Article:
It’s the once a year event that has me cheering from up and down the sidelines. This week was Alfie’s first week back at school after the Easter holidays and three days in, he had his school’s annual cross-country event.
As you may know, Alfie loves to run and because he’s not a sprinter, the longer the race the better. The problem with this race is that it isn’t all that long and is over and done with in less than 10 minutes.. It’s just 2kms (1.25 miles) and so it can be run as a sprint. But, while not a speedster, Alfie has plenty of endurance.
Before the race I had a chat to Alfie and told him if he wanted to do well he’d have to run fast as some boys would consider 2kms a sprint. I said, ‘And at the start of the race you can’t just stand there while everyone takes off sprinting; you have to run off too. Why give everyone else such a headstart?’ (And I had to say this because after the starter’s gun goes off he tends to loiter while everyone takes off in front of him).
And I said, ‘There’s one boy that’s been training for this race for about four months. At the start of the race he’s going to take off sprinting. You don’t want him to gain too much distance from you so you’re going to have to try to keep up with him’.
Alfie said, ‘It’s okay mum, I’ll just come second then’. See what I’m up against? I’m always hoping he does actually have a killer-instinct or a competitive-edge but if he does, he’s burying it.
The day of the race was a perfect autumn day with clear blue skies and there was still a little warmth in the sun’s rays. All competitors had to wear their house colours and Alfie’s in the blue house which is great because that’s the colour of the school uniform so he just put on his sport’s uniform. Sorted. Alfie’s race was the first race of the day. I gave him a few puffs of ventolin as he gets a bit wheezy and then all the Under 9 runners lined up in their starting positions.
The good thing about the race is it’s two laps around the inside of the oval then two laps around the outside of it. He’d have to pass me three times so three times I’d be able to yell at him (encourage him), to pick up his pace.
Off went the starter’s gun (there’s no actual gun because that’s not PC), and everyone bolted out of the starting blocks (there weren’t any of those either), except for Alfie who was out for a stroll. By the end of the first lap 75% of the competitors were in front of him. As he cruised past me I yelled, ‘Pick up your pace’ and ‘Get a move on’, but I couldn’t watch; it was too painful to see him running a race in cruise control. Then a friend grabbed my arm and told me to be of good faith. As the bolters started to tire, Alfie was one by one, overtaking them.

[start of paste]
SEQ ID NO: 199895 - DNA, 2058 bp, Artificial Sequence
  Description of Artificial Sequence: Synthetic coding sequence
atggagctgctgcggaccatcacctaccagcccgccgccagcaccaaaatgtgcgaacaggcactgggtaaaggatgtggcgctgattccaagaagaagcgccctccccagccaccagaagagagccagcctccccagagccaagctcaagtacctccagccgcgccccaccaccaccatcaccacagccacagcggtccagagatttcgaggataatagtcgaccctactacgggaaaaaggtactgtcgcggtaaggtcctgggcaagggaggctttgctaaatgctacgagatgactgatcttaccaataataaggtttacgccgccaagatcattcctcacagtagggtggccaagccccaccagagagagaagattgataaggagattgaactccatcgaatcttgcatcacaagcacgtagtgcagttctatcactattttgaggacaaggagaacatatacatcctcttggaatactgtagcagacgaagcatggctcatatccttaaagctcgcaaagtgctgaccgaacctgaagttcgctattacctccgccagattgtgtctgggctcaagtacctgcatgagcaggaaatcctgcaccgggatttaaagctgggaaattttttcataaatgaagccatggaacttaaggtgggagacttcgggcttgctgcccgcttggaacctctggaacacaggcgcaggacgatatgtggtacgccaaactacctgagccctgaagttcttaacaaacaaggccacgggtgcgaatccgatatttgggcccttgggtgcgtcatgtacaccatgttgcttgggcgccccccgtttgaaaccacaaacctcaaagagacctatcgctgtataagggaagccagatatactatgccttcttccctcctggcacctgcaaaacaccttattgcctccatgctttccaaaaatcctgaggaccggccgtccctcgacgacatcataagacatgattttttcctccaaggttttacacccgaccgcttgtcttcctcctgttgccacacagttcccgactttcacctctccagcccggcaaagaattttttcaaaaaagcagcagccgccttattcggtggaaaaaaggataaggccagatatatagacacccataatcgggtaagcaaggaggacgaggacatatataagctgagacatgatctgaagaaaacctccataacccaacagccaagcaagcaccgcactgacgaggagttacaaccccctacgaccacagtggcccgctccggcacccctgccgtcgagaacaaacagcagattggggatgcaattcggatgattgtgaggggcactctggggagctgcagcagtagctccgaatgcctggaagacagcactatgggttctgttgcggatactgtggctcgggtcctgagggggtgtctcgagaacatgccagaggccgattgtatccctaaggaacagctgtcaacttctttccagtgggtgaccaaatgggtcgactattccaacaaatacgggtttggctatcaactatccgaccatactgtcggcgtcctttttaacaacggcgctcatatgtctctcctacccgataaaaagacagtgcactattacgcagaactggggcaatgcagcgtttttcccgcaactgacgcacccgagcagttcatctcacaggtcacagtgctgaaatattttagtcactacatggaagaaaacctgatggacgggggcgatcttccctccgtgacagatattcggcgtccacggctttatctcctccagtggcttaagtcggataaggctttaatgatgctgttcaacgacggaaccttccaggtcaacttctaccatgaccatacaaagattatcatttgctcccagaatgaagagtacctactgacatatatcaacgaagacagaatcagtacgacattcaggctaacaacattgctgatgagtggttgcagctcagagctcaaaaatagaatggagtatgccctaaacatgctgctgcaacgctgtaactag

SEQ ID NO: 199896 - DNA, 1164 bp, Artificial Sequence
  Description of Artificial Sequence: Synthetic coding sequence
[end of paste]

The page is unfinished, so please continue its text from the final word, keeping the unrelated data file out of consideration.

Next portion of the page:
By the time he finished the second lap and was heading out of the gates to run his first lap around the outside of the oval, he had come forward to be in about 10th position. ‘Keep going; don’t slow down; you can do it’, I yelled enthusiastically.
I watched him run around the outside of the oval and after he’d climbed the hill he was in third position. As he started running his final lap of the race he overtook the boy in front of him so he was now in second position.
All the way around that final lap he was gaining on the boy who had led the race from the start and yes, it was the boy who’d spent the last four months in training. Alfie never slowed down and as the race progressed he just ran at a faster and faster pace. He finished in second place and barely looked puffed.
The first six place-getters are off to the zone cross country so we have two weeks to train for that event.
I really loved watching Alfie run. And he took us on an emotional roller coaster as he started at the back of the pack and step by step and one by one, he inched his way to second position.
After that stellar effort, I let him have a ‘lunch order’ – butter chicken curry!
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